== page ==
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Former Utah Attorney General John Swallow wants the Utah Supreme Court to decide whether his constitutional right to a fair trial was violated when prosecutors and investigators seized his protected email communications with a defense lawyer.

Swallow, who is accused of public corruption-related crimes, raised the issue with 3rd District Court in an April motion to dismiss the case, but lost that argument.

On Thursday, his new attorneys filed a petition with the Utah Court of Appeals, asking that the issue be passed directly to Utah's highest court because the case is the first of its kind.

"There are no Utah cases that address the consequences when the prosecution intrudes into the defendant's attorney-client relationship, and the cases from other jurisdictions have taken a number of different approaches to resolve this important question," attorney Linda M. Jones wrote. "This issue of first impression has wide applicability to cases involving electronic discovery and should be decided by the Utah Supreme Court."

The petition asks the justices to overturn the decision of the trial-court judge, Elizabeth Hruby-Mills, and grant Swallow's motion to dismiss the case.

In the alternative, Swallow wants justices to order an evidentiary hearing so his lawyers can question prosecutors and investigators — a hearing Hruby-Mills also denied.

In other jurisdictions, courts have ordered such hearings to determine whether the handling of electronic evidence violated a defendant's rights, Jones contends.

"Granting the petition and addressing the issues now will allow Mr. Swallow the opportunity to examine the evidence in a timely fashion," she argued. "Moreover, granting the petition now and addressing the issues will affect how the parties move forward with the case."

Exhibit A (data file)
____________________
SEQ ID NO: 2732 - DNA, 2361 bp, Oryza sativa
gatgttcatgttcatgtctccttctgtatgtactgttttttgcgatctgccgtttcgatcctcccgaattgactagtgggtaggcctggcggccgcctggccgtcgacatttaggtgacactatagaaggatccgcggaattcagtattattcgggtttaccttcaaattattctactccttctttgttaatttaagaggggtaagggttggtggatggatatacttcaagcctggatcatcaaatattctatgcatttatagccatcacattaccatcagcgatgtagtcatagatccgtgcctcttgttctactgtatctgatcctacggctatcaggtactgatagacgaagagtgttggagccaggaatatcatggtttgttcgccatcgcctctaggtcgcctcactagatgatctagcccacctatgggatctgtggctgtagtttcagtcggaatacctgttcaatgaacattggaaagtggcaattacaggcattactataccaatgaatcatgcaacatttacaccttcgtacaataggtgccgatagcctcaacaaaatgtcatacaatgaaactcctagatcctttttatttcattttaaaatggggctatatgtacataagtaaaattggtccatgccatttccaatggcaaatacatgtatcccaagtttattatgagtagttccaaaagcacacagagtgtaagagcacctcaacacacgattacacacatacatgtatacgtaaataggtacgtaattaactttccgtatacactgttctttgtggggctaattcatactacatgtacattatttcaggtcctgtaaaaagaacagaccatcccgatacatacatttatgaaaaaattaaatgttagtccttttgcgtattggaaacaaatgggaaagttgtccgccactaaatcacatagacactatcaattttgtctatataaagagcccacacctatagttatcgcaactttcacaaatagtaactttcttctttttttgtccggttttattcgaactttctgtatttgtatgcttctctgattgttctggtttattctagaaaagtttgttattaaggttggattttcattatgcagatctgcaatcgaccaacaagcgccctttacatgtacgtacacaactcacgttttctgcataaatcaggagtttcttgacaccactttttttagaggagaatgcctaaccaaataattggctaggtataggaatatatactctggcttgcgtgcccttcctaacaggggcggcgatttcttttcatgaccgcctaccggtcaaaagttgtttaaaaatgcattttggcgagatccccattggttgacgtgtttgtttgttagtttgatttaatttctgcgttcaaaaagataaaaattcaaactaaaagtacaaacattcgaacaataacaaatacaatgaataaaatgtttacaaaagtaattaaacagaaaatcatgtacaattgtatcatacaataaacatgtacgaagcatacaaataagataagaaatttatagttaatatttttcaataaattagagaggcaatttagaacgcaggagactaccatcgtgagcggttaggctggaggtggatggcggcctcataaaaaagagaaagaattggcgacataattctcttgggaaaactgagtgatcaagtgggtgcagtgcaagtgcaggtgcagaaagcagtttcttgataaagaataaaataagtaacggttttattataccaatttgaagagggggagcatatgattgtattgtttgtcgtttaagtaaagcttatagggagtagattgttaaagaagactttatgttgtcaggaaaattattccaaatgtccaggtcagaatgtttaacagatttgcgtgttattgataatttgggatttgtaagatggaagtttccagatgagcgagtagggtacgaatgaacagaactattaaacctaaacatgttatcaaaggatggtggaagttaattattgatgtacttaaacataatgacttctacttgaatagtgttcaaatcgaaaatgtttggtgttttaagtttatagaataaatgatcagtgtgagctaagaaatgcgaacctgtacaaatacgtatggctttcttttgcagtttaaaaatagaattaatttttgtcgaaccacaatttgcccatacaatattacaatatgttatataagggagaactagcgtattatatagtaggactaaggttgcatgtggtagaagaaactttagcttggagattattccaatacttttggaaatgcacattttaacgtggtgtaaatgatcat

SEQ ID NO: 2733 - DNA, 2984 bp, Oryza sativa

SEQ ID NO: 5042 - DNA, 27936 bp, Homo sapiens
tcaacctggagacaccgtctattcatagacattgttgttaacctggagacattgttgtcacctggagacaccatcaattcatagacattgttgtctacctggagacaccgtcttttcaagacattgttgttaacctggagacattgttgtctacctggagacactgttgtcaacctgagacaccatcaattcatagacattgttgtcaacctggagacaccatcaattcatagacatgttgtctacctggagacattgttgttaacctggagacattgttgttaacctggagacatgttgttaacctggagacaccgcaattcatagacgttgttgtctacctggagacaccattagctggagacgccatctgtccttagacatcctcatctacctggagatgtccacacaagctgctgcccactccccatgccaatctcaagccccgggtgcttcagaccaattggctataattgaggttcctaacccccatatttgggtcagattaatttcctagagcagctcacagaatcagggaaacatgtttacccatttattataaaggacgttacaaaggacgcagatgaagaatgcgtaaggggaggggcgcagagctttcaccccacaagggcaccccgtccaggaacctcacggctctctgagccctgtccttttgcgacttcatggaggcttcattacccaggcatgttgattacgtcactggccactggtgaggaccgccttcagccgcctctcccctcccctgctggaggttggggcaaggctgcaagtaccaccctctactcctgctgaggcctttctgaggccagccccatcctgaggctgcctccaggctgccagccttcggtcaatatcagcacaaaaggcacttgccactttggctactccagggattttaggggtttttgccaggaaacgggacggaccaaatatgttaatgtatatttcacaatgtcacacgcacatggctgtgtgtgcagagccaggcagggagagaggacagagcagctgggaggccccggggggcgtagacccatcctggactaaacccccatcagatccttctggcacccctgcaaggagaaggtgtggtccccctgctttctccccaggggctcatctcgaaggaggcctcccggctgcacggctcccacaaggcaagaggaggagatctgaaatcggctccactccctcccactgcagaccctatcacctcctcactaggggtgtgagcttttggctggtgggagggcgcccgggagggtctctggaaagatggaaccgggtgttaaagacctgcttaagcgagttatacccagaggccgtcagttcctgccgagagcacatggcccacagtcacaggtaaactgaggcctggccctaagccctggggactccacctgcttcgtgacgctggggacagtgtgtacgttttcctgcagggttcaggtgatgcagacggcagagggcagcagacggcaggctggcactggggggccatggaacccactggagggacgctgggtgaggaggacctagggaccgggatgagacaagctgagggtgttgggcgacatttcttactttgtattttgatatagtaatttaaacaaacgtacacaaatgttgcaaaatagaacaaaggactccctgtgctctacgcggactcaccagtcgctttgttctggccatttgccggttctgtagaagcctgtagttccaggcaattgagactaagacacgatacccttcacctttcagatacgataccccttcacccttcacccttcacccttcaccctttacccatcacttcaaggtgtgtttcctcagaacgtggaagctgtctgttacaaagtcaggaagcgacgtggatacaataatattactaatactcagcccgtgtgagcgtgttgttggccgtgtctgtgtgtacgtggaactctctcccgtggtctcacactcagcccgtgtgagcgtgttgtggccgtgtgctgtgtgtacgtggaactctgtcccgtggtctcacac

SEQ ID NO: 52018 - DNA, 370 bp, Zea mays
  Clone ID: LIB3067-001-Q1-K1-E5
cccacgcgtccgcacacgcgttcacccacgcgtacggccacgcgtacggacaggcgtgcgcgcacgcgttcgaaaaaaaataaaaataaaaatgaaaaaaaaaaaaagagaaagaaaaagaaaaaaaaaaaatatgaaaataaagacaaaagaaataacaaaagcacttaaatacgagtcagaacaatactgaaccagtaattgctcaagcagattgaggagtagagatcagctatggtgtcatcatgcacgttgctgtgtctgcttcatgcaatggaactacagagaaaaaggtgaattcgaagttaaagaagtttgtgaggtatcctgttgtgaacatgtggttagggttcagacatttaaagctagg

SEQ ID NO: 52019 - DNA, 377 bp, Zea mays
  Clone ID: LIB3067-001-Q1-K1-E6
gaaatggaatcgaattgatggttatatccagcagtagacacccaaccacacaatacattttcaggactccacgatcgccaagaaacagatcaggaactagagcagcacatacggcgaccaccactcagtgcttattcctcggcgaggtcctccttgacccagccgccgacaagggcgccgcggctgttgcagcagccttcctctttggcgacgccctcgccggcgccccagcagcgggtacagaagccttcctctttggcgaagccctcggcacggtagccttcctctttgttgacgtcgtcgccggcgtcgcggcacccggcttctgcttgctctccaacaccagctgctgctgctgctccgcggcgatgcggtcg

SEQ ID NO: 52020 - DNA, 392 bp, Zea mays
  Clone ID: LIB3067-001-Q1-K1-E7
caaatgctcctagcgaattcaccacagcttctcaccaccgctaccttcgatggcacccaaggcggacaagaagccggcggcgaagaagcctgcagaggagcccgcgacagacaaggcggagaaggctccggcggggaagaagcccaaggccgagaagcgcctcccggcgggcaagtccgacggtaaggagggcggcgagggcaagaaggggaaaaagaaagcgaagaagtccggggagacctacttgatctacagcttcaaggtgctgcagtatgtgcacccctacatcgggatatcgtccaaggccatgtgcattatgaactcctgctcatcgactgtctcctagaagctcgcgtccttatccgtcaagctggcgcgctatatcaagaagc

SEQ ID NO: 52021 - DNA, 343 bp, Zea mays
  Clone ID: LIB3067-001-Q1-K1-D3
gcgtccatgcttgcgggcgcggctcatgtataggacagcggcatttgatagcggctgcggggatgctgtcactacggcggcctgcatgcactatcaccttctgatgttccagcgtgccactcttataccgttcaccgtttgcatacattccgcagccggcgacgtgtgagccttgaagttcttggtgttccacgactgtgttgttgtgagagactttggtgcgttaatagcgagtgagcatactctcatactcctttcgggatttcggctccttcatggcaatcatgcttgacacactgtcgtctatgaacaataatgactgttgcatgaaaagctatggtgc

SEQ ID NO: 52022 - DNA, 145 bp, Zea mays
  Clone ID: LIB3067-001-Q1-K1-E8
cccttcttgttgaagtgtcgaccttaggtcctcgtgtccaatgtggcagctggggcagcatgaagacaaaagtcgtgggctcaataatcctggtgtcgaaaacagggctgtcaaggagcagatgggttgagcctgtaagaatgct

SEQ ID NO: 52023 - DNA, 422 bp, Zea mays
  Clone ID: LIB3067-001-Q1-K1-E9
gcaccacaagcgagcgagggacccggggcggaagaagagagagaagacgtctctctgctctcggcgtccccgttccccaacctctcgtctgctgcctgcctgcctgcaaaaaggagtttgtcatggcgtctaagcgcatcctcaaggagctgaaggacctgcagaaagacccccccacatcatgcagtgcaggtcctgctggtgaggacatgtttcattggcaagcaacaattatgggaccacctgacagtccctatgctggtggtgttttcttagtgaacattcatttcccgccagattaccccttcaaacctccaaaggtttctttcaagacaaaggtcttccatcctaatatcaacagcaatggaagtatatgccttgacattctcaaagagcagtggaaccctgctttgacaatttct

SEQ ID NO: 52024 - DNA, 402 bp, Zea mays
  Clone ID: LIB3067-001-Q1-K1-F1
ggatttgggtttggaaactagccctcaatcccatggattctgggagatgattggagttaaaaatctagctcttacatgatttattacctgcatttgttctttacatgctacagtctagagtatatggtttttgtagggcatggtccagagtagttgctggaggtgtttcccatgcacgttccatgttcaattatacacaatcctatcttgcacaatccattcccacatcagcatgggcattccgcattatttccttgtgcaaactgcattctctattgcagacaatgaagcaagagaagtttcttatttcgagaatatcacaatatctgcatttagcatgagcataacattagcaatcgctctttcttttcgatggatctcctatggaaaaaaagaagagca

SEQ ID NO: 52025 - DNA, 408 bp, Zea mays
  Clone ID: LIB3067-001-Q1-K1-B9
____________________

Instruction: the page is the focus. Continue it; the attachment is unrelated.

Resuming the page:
It was unclear Friday when the appellate court might rule.

Salt Lake County District Attorney Sim Gill said Friday he knew Swallow's attorneys planned to pursue an appeal, but he has not yet seen the filing.

"This is the way our process works," he said. "We're just going to have to see what the arguments are, address the issues as they are raised and respond in the appropriate forum."

Meanwhile, he said, his office will continue to press forward with the Swallow prosecution.

Swallow has pleaded not guilty to 14 felony and misdemeanor charges, including counts of money laundering, misuse of public funds, obstruction of justice and falsifying government records.

A trial is set for February 2017. If convicted, Swallow faces up to 30 years in prison.

The charges stem from allegations of a pay-to-play scheme inside the Utah Attorney General's Office, both when Swallow was a chief deputy and after his 2012 election to the state's top law enforcement job. He stepped down from the post after serving less than a year.

Investigators raided Swallow's Sandy home in June 2014, seizing computers, tablets and other e-devices, which contained private family communications and roughly 12,000 emails between Swallows and his then-attorney Rodney Snow.

Snow advised prosecutors on the day of the raid that protected materials would be found and later submitted a 158-page "privilege log" referencing the material, without response, according to the documents.

Included in the emails were discussions between Swallow and Snow about possible legal strategies or actions their client might take during the investigation.

Swallow's current defense team discovered the emails had been commingled with other evidence during keyword searches earlier this year.

Gill has maintained that his office was unaware that the emails, which were handled by the FBI, had been mixed with other evidence and said his office did not read or use the materials.

Hruby-Mills sided with Gill, saying prosecutors had not acted intentionally and that there was no proof of any injury to Swallow.

Jones argues gaps, inconsistencies and contradictions exist in the government's explanations of how the evidence was handled.

"Under the circumstances," she wrote, "if the case is not summarily dismissed, the scope of the state's violation and an appropriate alternative remedy can be determined only after an evidentiary hearing."

In the digital age, Jones noted, the evidence-handling issue is likely to recur in other criminal cases. In the absence of Utah case law on the issue, she adds, the state's high court should decide what standards of review apply when problems arise and what remedies defendants are allowed.